C’est Bon for Mount Crawford

    The trek to Mount Crawford along the Davis Path begins with a walk over a suspension bridge spanning the Saco River.

    The trek to Mount Crawford along the Davis Path begins with a walk over a suspension bridge spanning the Saco River.

    The word of the day was bienvenue.

    My hiking honey Jan and I weren’t the only Americans on the trail during the long Victoria Day weekend in mid-May when intrepid Canadians dip down south of the friendly border to enjoy a land of cheap gasoline, tobacco, and alcohol (and no sales tax), but it seemed that way at times.

    From the easy-to-recognize French that signaled Quebec hikers to the stereotypical English speakers with their “out and about” enunciations that gave them away, we were trekking ambassadors along the storied Davis Path in New Hampshire’s Crawford Notch.

    The goal was the ledgy summit of Mount Crawford, a 3,119-foot peak on the Bemis Ridge in the vast Presidential Range-Dry River Wilderness. The five-mile round-trip hike isn’t easy, but has a steady footpath with copious well-appreciated stone steps for much of the way. It often is bypassed for nearby Mount Willard, a stellar low-level hike.

    We even met a tough six-year-old Canadian with a broken arm (he fell off a slide chasing girls) doing the trail and some hikers looking like members of CARP, their version of AARP.

    The trail is suited for hikers of all levels and is largely on the Davis Path, the third bridle path built to the summit of Mount Washington. The man behind the name of the nearly 15-mile path is Nathaniel Davis, who completed it in 1845. The trail saw use until the mid-1850s and then became overgrown and unnavigable. The story goes that the Appalachian Mountain Club (AMC) decided to reopen it as a footpath in 1910 but the trail was so impassable that it had to rely on the memory of one of the original workers to find some of more overgrown parts.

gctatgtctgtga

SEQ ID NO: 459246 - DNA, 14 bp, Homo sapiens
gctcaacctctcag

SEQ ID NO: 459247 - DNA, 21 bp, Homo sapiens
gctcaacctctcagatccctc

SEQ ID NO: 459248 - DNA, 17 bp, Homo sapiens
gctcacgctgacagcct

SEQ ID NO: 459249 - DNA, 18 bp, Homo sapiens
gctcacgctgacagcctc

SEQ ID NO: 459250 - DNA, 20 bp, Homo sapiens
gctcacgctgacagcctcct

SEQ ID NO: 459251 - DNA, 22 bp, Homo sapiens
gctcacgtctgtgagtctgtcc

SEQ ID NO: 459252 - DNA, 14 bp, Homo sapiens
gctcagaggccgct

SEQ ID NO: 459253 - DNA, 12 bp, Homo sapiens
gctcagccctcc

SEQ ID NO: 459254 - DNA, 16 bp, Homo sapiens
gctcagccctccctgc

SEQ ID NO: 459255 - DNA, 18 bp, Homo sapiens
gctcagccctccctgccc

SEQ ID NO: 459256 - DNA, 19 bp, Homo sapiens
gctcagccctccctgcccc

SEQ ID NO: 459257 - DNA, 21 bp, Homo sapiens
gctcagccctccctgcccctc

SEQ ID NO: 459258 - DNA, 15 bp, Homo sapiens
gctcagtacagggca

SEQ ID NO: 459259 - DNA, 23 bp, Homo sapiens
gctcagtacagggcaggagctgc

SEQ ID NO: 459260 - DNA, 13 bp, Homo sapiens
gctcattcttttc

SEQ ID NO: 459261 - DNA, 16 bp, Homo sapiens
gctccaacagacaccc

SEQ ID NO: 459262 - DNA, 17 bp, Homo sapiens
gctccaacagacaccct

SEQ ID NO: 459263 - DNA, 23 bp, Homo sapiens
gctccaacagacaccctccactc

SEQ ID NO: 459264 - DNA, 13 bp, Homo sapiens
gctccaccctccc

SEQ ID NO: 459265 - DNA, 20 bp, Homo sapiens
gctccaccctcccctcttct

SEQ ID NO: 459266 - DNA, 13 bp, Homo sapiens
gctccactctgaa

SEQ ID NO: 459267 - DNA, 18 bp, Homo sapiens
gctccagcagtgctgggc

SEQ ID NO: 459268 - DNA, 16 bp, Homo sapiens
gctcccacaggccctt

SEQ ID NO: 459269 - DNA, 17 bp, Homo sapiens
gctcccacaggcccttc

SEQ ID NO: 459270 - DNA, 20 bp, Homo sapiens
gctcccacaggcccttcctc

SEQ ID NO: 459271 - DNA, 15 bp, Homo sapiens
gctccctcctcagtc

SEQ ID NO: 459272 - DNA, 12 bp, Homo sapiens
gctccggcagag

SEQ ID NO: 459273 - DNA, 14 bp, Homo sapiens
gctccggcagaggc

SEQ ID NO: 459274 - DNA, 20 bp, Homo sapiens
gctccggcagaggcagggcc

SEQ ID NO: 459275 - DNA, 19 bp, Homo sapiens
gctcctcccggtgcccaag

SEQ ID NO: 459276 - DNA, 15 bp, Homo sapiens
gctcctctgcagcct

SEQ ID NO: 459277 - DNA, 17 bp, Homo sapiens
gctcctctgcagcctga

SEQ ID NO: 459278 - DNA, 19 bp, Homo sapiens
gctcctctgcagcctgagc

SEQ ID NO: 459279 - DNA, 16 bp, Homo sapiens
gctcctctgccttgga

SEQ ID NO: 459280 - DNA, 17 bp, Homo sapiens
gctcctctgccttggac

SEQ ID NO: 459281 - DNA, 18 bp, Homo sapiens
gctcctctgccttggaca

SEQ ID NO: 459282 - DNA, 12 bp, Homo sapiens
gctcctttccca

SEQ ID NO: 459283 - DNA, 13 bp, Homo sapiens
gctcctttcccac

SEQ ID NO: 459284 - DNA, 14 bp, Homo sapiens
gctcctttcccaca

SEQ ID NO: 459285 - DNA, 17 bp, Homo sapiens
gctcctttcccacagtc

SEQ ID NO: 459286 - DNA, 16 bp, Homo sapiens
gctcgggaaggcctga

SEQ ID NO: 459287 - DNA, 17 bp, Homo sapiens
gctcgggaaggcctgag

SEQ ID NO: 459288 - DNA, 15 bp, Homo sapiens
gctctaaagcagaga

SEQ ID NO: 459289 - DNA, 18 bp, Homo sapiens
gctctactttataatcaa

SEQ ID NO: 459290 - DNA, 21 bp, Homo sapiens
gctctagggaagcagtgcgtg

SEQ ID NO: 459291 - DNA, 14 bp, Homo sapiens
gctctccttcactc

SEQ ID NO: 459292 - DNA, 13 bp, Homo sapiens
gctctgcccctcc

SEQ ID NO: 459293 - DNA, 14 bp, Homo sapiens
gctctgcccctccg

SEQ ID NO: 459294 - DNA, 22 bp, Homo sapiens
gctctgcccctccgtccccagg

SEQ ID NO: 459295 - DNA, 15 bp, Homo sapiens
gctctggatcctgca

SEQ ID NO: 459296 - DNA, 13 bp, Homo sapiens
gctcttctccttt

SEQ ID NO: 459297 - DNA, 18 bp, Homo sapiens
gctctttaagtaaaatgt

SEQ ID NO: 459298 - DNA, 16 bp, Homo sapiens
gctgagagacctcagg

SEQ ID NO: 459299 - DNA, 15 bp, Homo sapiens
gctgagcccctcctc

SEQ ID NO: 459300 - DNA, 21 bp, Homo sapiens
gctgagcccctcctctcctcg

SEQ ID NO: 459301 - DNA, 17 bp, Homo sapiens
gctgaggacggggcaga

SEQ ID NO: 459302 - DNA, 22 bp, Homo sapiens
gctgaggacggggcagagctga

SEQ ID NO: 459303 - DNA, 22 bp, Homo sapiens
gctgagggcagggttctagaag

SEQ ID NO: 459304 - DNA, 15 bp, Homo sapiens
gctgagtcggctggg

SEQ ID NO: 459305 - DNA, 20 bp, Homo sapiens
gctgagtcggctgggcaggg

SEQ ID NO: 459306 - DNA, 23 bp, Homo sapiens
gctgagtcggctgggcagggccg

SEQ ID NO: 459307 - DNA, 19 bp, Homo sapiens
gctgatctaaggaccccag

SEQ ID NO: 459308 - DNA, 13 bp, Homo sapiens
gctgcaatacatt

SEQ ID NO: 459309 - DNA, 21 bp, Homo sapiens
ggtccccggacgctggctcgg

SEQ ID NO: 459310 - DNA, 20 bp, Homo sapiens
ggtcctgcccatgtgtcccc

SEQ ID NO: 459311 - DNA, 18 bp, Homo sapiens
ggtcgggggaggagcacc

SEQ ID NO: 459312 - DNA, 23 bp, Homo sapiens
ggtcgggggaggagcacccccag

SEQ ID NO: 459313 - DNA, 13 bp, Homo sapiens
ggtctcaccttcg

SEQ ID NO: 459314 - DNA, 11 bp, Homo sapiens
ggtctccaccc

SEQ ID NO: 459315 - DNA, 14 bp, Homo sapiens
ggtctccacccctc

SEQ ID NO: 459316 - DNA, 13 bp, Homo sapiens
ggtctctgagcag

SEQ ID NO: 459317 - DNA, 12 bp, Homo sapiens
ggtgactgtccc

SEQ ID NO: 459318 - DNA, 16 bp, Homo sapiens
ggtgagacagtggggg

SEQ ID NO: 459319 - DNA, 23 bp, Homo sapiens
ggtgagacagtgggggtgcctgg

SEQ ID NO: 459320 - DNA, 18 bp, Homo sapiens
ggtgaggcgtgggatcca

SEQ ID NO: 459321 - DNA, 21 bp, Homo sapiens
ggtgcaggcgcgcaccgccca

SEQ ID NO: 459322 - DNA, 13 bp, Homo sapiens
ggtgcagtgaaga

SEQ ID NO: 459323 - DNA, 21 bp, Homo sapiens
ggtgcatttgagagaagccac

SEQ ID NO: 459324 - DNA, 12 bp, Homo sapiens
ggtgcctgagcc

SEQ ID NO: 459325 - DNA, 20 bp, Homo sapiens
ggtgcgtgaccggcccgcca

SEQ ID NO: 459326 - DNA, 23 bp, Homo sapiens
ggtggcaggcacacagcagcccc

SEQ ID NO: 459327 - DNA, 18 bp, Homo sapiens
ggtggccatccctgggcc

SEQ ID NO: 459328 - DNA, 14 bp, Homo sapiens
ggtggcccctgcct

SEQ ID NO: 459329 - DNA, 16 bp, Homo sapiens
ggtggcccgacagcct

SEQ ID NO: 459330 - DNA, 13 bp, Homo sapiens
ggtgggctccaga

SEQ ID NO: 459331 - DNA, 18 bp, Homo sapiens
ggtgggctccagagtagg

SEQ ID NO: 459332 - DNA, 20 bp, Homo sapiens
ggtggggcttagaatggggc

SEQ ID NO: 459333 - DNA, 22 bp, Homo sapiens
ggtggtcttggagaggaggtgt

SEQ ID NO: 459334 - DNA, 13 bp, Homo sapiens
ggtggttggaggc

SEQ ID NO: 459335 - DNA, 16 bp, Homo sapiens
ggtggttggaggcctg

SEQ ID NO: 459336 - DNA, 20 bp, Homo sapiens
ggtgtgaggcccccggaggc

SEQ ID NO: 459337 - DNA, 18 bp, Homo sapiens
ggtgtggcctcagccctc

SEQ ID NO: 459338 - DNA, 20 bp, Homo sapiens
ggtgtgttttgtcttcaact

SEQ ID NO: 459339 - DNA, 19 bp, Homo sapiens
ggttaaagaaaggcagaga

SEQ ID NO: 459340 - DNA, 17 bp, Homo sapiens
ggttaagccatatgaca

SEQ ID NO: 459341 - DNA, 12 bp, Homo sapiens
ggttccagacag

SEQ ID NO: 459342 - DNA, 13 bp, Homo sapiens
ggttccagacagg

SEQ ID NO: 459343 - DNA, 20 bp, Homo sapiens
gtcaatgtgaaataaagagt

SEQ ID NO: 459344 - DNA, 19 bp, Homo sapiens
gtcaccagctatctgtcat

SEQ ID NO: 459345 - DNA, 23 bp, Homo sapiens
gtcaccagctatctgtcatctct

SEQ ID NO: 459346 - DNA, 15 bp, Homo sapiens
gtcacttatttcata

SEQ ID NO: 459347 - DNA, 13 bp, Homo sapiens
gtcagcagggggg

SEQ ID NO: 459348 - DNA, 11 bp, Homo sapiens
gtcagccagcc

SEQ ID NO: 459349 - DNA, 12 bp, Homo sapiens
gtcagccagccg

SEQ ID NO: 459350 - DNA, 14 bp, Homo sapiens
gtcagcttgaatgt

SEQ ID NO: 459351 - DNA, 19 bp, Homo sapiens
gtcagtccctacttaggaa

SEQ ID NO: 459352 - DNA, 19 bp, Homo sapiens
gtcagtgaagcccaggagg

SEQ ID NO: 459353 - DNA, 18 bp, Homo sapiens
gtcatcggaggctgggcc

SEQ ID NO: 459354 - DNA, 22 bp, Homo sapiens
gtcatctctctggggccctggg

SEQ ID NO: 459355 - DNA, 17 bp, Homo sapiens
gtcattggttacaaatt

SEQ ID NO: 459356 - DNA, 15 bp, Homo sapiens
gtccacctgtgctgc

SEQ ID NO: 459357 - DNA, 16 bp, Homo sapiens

The AMC still maintains the route and last summer dispatched a trail crew to work on the southernmost two miles of it, the route hikers use from U.S. Route 302 in Crawford Notch to Mount Crawford. They put in loads of rock steps and replaced rotted log water bars with rock ones.

    I had last climbed the mountain in June 2005 as a solo effort. But if hiking the 48 4,000-footers on the AMC’s White Mountains list with Jan (we finished that last June) has taught me anything, it is that if I am revisiting a peak with her that she hasn’t climbed, chances are we are on a mission. Though I haven’t been told officially, I have a feeling we may be on the way to hiking the “52 with a View” list complied by the Sandwich Over the Hill Hikers. The 52 peaks are all under 4,000 feet. I’ve done close to three-quarters of them. So, I’ve likely scouted many for her. Ain’t love grand.

    Crawford’s grand too, the hike starting rather kindly over the handsome suspension Bemis Bridge in Hart’s Location, spanning the Saco which is also the southernmost terminus of the 162-mile Cohos Trail. The trail winds by some nearly hidden homes and soon enters the wilderness area with the steps soon beginning.

    The snow had melted from the trails. The bugs weren’t out much yet. Temps were a favorable high 60s and the higher we went, a soft breeze welcomed us.

    The ledges of Mount Crawford afford excellent views including Mount Washington.

    The ledges of Mount Crawford afford excellent views including Mount Washington.

    It is near the final third mile that Crawford’s glory starts with stunning vistas of rippling mountains like Attitash in the distance. Crawford Notch and the Dry River Valley were soon on display.

    We were alone on the approach, but nearly as soon as we sat down to stare at the lingering snows on Mount Washington from the summit, the first of the French was spoken.

    And as we’ve learned over the years, it’s best to hit the trail early. So on the way down we practiced our Canadian as we were meeting the 10 o’clockers heading to the lofty summit. Many were frequent vacationers to the White Mountains, combining their love of the outdoors with outlet shopping. They had their favorite restaurants, places to stay, etc.

    They even had their favorite hikes. One patriarch of a three-generation family had already hiked Crawford before and was bringing the extended family.

    Seems like a good one to check off his list too.

    List or not, get to Mount Crawford.

    As they say, c’est bon.

    Images by Marty Basch

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